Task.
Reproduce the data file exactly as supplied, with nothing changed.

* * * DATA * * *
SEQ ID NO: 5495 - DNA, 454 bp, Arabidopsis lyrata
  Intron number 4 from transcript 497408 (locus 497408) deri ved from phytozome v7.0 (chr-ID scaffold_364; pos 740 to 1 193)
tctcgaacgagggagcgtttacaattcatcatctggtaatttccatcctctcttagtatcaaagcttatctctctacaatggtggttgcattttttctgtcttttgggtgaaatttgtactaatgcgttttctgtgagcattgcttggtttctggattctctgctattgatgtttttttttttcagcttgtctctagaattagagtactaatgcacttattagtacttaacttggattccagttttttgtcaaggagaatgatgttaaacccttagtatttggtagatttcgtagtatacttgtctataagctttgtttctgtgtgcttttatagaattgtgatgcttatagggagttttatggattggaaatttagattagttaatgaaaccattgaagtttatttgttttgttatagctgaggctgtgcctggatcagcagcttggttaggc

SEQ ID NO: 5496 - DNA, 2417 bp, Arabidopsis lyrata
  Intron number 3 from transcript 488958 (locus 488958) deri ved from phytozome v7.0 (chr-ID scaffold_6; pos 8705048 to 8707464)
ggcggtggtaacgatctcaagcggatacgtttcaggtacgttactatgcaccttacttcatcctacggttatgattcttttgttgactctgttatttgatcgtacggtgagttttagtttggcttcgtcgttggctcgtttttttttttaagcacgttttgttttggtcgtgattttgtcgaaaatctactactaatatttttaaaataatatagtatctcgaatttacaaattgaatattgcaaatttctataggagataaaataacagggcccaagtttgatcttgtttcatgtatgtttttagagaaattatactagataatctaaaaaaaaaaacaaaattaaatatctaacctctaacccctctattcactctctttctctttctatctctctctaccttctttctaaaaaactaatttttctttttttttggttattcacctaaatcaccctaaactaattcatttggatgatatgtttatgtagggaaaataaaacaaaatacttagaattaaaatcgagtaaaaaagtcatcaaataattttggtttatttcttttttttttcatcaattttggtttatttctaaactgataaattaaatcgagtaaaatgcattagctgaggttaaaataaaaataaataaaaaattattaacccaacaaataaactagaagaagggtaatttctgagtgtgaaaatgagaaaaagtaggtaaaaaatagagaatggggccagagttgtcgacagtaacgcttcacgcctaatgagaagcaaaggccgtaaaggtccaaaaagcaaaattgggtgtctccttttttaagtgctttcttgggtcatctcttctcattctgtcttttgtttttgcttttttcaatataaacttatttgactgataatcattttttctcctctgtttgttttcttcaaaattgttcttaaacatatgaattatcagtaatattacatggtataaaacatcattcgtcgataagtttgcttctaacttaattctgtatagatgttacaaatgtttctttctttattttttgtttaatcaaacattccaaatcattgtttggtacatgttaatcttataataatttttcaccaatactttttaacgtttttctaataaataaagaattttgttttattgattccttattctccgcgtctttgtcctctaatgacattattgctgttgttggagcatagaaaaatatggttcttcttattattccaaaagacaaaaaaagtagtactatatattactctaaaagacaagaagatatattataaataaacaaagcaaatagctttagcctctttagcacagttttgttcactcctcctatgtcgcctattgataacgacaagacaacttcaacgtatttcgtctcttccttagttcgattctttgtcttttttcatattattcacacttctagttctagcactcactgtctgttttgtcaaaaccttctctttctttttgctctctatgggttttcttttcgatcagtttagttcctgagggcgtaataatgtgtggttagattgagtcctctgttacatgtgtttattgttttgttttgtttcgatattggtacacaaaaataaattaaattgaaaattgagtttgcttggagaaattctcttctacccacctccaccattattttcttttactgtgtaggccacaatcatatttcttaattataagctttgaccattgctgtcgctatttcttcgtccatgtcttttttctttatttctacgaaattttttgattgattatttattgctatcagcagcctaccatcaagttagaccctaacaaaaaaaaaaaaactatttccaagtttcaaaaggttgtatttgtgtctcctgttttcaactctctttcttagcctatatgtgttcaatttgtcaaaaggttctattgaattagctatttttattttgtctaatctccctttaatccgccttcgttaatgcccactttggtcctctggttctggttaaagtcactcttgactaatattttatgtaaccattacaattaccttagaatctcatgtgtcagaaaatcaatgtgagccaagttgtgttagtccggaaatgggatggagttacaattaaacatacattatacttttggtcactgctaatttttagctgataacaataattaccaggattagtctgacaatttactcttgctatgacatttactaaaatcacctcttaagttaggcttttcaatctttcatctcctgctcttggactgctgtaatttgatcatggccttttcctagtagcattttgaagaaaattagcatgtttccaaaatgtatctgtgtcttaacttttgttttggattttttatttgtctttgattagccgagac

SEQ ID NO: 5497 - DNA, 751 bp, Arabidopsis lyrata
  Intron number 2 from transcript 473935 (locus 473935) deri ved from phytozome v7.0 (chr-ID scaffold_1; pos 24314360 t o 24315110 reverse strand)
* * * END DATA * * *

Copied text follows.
SEQ ID NO: 5495 - DNA, 454 bp, Arabidopsis lyrata
  Intron number 4 from transcript 497408 (locus 497408) deri ved from phytozome v7.0 (chr-ID scaffold_364; pos 740 to 1 193)
tctcgaacgagggagcgtttacaattcatcatctggtaatttccatcctctcttagtatcaaagcttatctctctacaatggtggttgcattttttctgtcttttgggtgaaatttgtactaatgcgttttctgtgagcattgcttggtttctggattctctgctattgatgtttttttttttcagcttgtctctagaattagagtactaatgcacttattagtacttaacttggattccagttttttgtcaaggagaatgatgttaaacccttagtatttggtagatttcgtagtatacttgtctataagctttgtttctgtgtgcttttatagaattgtgatgcttatagggagttttatggattggaaatttagattagttaatgaaaccattgaagtttatttgttttgttatagctgaggctgtgcctggatcagcagcttggttaggc

SEQ ID NO: 5496 - DNA, 2417 bp, Arabidopsis lyrata
  Intron number 3 from transcript 488958 (locus 488958) deri ved from phytozome v7.0 (chr-ID scaffold_6; pos 8705048 to 8707464)
ggcggtggtaacgatctcaagcggatacgtttcaggtacgttactatgcaccttacttcatcctacggttatgattcttttgttgactctgttatttgatcgtacggtgagttttagtttggcttcgtcgttggctcgtttttttttttaagcacgttttgttttggtcgtgattttgtcgaaaatctactactaatatttttaaaataatatagtatctcgaatttacaaattgaatattgcaaatttctataggagataaaataacagggcccaagtttgatcttgtttcatgtatgtttttagagaaattatactagataatctaaaaaaaaaaacaaaattaaatatctaacctctaacccctctattcactctctttctctttctatctctctctaccttctttctaaaaaactaatttttctttttttttggttattcacctaaatcaccctaaactaattcatttggatgatatgtttatgtagggaaaataaaacaaaatacttagaattaaaatcgagtaaaaaagtcatcaaataattttggtttatttcttttttttttcatcaattttggtttatttctaaactgataaattaaatcgagtaaaatgcattagctgaggttaaaataaaaataaataaaaaattattaacccaacaaataaactagaagaagggtaatttctgagtgtgaaaatgagaaaaagtaggtaaaaaatagagaatggggccagagttgtcgacagtaacgcttcacgcctaatgagaagcaaaggccgtaaaggtccaaaaagcaaaattgggtgtctccttttttaagtgctttcttgggtcatctcttctcattctgtcttttgtttttgcttttttcaatataaacttatttgactgataatcattttttctcctctgtttgttttcttcaaaattgttcttaaacatatgaattatcagtaatattacatggtataaaacatcattcgtcgataagtttgcttctaacttaattctgtatagatgttacaaatgtttctttctttattttttgtttaatcaaacattccaaatcattgtttggtacatgttaatcttataataatttttcaccaatactttttaacgtttttctaataaataaagaattttgttttattgattccttattctccgcgtctttgtcctctaatgacattattgctgttgttggagcatagaaaaatatggttcttcttattattccaaaagacaaaaaaagtagtactatatattactctaaaagacaagaagatatattataaataaacaaagcaaatagctttagcctctttagcacagttttgttcactcctcctatgtcgcctattgataacgacaagacaacttcaacgtatttcgtctcttccttagttcgattctttgtcttttttcatattattcacacttctagttctagcactcactgtctgttttgtcaaaaccttctctttctttttgctctctatgggttttcttttcgatcagtttagttcctgagggcgtaataatgtgtggttagattgagtcctctgttacatgtgtttattgttttgttttgtttcgatattggtacacaaaaataaattaaattgaaaattgagtttgcttggagaaattctcttctacccacctccaccattattttcttttactgtgtaggccacaatcatatttcttaattataagctttgaccattgctgtcgctatttcttcgtccatgtcttttttctttatttctacgaaattttttgattgattatttattgctatcagcagcctaccatcaagttagaccctaacaaaaaaaaaaaaactatttccaagtttcaaaaggttgtatttgtgtctcctgttttcaactctctttcttagcctatatgtgttcaatttgtcaaaaggttctattgaattagctatttttattttgtctaatctccctttaatccgccttcgttaatgcccactttggtcctctggttctggttaaagtcactcttgactaatattttatgtaaccattacaattaccttagaatctcatgtgtcagaaaatcaatgtgagccaagttgtgttagtccggaaatgggatggagttacaattaaacatacattatacttttggtcactgctaatttttagctgataacaataattaccaggattagtctgacaatttactcttgctatgacatttactaaaatcacctcttaagttaggcttttcaatctttcatctcctgctcttggactgctgtaatttgatcatggccttttcctagtagcattttgaagaaaattagcatgtttccaaaatgtatctgtgtcttaacttttgttttggattttttatttgtctttgattagccgagac

SEQ ID NO: 5497 - DNA, 751 bp, Arabidopsis lyrata
  Intron number 2 from transcript 473935 (locus 473935) deri ved from phytozome v7.0 (chr-ID scaffold_1; pos 24314360 t o 24315110 reverse strand)